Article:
I stumbled across an In These Times article by Amy Domini and Sofia Faruqi called “5 Ways To Reduce Inequality By Holding Corporations Responsible.” It’s pretty much the usual progressive game plan, but one particular sentence in the last proposal caught my eye (emphasis mine):
5. Help women to prosper: Women are twice as likely as men to work for minimum wage. The gender pay gap in the retail sector alone costs women $40 billion annually in lost wages. This wasn’t so bad in 1960 when only 11 percent of American households had a female head, but it’s dire today when women are the primary breadwinners in 40 percent of homes. Plus, it’s bad for the economy. Equal pay would raise American GDP by 2.9 percent, or $448 billion.
The numbers in that last sentence are stunning, but I couldn’t see how equal pay legislation could increase GDP.
Tracing the link in the original article leads to last year’s U.S. Senate Budget committee testimony by Heather Boushey, Executive Director and Chief Economist for the Washington Center for Equitable Growth. She in turn cites a 2014 briefing paper titled “How Equal Pay for Working Women would Reduce Poverty and Grow the American Economy” by Heidi Hartmann, Jeffrey Hayes, and Jennifer Clark of the Institute for Women’s Policy Research.
Here’s what that paper has to say in the summary of its findings. Notice the very careful phrasing (emphasis mine):
The U.S. economy would have produced additional income of $447.6 billion if women received equal pay; this represents 2.9 percent of 2012 gross domestic product (GDP).
The paper gets to those numbers by using data from the 2010-2012 Current Population Survey Annual Social and Economic Supplement to estimate the pay difference between men and women, controlled for age, education, annual hours of work, metropolitan residence, and region of the country. The authors then use those figures to project how much more money women would have made if they had been paid the same as men.
The authors calculated that women earned an average of $36,129 a year, and that their pay was 85% as much as men for the same work. So if women earned as much as men, they would be earning $42,380 per year. That’s an increase of $6,251 a year for all 71.6 million working women. Multiply it out, and you get $447.6 billion, which is 2.9% of GDP. (I get a slightly different figure when I do the math, but it’s close enough.)
Income and production are two sides of the same process: We earn our income by selling our production of goods and services, and we spend that income buying and consuming the same goods and services. So if our collective income increases, production must also have increased. Consequently, if women earn more money, and they do not do so at the expense of anyone else, then the additional income would have to increase gross domestic product.
(There are actually many variations on income and production figures, depending on which components and flows are included in the calculations, and care has to be taken to add and subtract the right components when transforming numbers between two national accounts. In the U.S. we calculate GDP from both production data and from income data. In theory, this is an accounting identity, but there are always data discrepancies that keep income and production figures from matching exactly.)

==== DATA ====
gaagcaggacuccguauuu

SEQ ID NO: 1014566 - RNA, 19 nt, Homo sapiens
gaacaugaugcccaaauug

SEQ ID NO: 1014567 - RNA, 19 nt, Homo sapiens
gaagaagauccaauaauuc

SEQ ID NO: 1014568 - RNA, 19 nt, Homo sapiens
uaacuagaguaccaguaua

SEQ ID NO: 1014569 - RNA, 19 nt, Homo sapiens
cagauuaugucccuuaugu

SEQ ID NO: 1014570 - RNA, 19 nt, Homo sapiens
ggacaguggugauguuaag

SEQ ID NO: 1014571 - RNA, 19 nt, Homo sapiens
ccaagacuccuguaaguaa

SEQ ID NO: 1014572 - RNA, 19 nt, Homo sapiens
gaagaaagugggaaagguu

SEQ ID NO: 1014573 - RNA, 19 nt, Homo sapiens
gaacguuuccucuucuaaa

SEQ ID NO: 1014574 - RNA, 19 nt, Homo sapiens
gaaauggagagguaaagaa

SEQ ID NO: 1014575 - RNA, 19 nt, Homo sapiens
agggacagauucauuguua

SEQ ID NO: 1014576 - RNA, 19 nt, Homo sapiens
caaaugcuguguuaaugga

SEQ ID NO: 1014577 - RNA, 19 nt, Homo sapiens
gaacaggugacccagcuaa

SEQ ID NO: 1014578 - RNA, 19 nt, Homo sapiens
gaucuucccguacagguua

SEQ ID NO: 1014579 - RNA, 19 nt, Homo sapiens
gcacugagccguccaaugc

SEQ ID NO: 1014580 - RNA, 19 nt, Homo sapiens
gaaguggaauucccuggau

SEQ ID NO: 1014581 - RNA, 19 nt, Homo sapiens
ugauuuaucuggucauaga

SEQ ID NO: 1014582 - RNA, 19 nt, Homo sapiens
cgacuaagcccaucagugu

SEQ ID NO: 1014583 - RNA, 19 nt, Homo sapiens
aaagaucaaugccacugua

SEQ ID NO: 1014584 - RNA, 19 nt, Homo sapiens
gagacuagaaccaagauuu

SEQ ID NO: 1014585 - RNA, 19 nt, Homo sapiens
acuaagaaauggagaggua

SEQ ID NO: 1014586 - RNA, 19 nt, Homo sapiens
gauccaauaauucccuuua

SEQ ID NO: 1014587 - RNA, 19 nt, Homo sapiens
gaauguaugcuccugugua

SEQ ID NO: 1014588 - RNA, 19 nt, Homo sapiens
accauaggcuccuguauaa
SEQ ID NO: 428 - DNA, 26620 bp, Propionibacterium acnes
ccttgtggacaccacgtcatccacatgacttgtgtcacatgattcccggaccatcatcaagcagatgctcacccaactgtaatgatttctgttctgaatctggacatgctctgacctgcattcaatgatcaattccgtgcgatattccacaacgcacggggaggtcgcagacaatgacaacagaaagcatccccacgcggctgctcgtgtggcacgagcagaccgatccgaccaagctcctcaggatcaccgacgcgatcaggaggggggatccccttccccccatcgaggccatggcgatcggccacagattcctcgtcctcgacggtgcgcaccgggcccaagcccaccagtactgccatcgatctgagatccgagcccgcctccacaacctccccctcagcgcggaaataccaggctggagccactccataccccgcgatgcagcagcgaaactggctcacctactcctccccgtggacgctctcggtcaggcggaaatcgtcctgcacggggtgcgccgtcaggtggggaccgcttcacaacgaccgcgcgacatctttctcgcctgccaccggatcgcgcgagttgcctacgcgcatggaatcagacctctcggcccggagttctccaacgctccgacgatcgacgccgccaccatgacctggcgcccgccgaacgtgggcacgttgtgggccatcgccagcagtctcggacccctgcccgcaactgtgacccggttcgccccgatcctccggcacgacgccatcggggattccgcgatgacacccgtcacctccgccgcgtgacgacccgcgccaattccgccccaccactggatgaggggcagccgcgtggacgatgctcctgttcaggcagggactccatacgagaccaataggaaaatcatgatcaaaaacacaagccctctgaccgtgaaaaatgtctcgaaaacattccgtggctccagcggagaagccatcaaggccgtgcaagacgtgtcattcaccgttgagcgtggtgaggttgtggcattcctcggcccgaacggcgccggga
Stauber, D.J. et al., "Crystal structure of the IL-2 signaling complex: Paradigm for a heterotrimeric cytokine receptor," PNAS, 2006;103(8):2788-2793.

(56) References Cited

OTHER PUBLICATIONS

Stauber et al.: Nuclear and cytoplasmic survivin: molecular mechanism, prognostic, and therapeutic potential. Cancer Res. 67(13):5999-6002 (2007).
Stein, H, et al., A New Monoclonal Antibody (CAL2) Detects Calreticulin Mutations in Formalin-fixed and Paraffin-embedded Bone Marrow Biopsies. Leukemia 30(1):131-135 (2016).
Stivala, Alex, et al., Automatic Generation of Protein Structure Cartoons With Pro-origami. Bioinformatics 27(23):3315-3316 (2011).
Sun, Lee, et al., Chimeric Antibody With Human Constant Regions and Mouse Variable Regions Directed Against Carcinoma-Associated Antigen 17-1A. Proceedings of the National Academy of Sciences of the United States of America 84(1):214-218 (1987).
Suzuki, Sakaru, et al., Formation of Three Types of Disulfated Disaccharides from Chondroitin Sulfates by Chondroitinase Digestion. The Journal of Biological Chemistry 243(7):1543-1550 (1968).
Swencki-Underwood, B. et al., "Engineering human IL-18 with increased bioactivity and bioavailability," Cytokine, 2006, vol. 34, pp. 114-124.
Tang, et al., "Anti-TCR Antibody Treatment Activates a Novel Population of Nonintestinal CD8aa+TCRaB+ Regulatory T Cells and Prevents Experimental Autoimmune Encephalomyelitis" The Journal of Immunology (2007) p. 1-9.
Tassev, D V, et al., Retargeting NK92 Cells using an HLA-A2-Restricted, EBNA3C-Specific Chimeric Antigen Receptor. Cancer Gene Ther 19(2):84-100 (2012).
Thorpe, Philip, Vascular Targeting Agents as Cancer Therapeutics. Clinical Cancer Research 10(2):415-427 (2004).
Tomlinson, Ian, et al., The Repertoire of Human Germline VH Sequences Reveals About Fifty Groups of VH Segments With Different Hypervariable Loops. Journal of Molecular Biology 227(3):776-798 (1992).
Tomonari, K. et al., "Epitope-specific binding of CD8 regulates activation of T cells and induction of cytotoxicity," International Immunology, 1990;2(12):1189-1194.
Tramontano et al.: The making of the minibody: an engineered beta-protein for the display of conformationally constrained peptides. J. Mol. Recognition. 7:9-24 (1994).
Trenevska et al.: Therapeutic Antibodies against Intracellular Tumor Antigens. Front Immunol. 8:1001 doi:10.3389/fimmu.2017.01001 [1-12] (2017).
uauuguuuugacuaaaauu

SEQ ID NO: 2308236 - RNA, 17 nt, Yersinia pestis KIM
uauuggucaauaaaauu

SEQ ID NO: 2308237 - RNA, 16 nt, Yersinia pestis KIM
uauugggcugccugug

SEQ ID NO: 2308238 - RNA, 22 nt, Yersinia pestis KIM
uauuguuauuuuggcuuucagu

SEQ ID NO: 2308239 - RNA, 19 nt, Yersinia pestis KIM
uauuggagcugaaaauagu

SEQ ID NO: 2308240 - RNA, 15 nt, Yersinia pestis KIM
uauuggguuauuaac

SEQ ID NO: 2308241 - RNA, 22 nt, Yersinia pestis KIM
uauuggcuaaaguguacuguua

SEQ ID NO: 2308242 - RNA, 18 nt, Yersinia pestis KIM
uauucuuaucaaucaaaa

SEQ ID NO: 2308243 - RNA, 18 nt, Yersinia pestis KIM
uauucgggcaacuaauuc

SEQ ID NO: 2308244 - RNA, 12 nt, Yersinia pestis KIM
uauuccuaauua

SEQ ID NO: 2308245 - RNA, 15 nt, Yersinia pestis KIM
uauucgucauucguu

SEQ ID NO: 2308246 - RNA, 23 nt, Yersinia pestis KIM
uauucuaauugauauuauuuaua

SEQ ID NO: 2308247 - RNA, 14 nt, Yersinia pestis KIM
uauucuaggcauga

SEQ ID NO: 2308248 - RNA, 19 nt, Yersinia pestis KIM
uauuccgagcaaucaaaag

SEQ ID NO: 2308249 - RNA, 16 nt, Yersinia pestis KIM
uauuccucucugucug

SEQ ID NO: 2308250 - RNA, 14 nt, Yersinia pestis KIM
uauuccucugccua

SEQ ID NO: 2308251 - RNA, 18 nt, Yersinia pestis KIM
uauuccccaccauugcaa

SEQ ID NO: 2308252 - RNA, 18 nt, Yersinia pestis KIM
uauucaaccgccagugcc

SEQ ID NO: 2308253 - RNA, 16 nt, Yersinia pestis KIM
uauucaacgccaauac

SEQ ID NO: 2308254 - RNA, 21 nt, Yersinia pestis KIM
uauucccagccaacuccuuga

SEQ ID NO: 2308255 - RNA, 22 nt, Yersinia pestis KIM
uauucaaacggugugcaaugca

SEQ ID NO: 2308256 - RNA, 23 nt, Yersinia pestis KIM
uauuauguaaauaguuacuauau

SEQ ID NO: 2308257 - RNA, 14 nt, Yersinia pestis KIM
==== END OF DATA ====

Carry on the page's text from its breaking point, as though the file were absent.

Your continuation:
The point of the careful phrasing in the summary is that $447.6 billion is the estimated amount that GDP would have been higher if women had somehow earned at the same rate as men, all other things being equal. How exactly that could happen is carefully left unsaid. In particular, the study does not say that equal pay legislation would increase GDP by that amount.
If we just passed a law that forced employers to pay women 17% more for their work, that would increase women’s paychecks, which would increase the national income accounts…but not really.
For an economic story to make sense, it has to make sense when applied to the real economy of goods and services. So even though U.S. GDP is expressed in dollars, what really matters is the total amount of goods and services that are produced. So in order for GDP to increase by $447.6 billion, it’s not enough for paychecks to increase by $447.6 billion. Our economy must actually produce $447.6 billion worth of additional goods and services.
But by definition, the equal pay legislation is simply giving women more money for the work they are already doing, which means that the increase in paychecks is not accompanied by an increase in the production of real goods and services. We’d be paying more money for the exact same stuff.
When you pay more for the same thing, we call it inflation. The U.S. Bureau of Economic Analysis calculates both nominal GDP, which is inflated, and real GDP, measured in constant dollars adjusted for inflation. The increase in women’s nominal earnings would show up as inflation of nominal GDP, while real GDP would be unchanged.
Since we’re not raising men’s incomes, the inflation would actually eat away at their real earning power. So the benefits to women would come at the expense of men. Women would be getting a larger share of the pie, but the pie would still be the same size. The deadweight $447.6 billion gain to GDP that Domini and Faruqi envision from the simplistic IWPR calculation is a fantasy.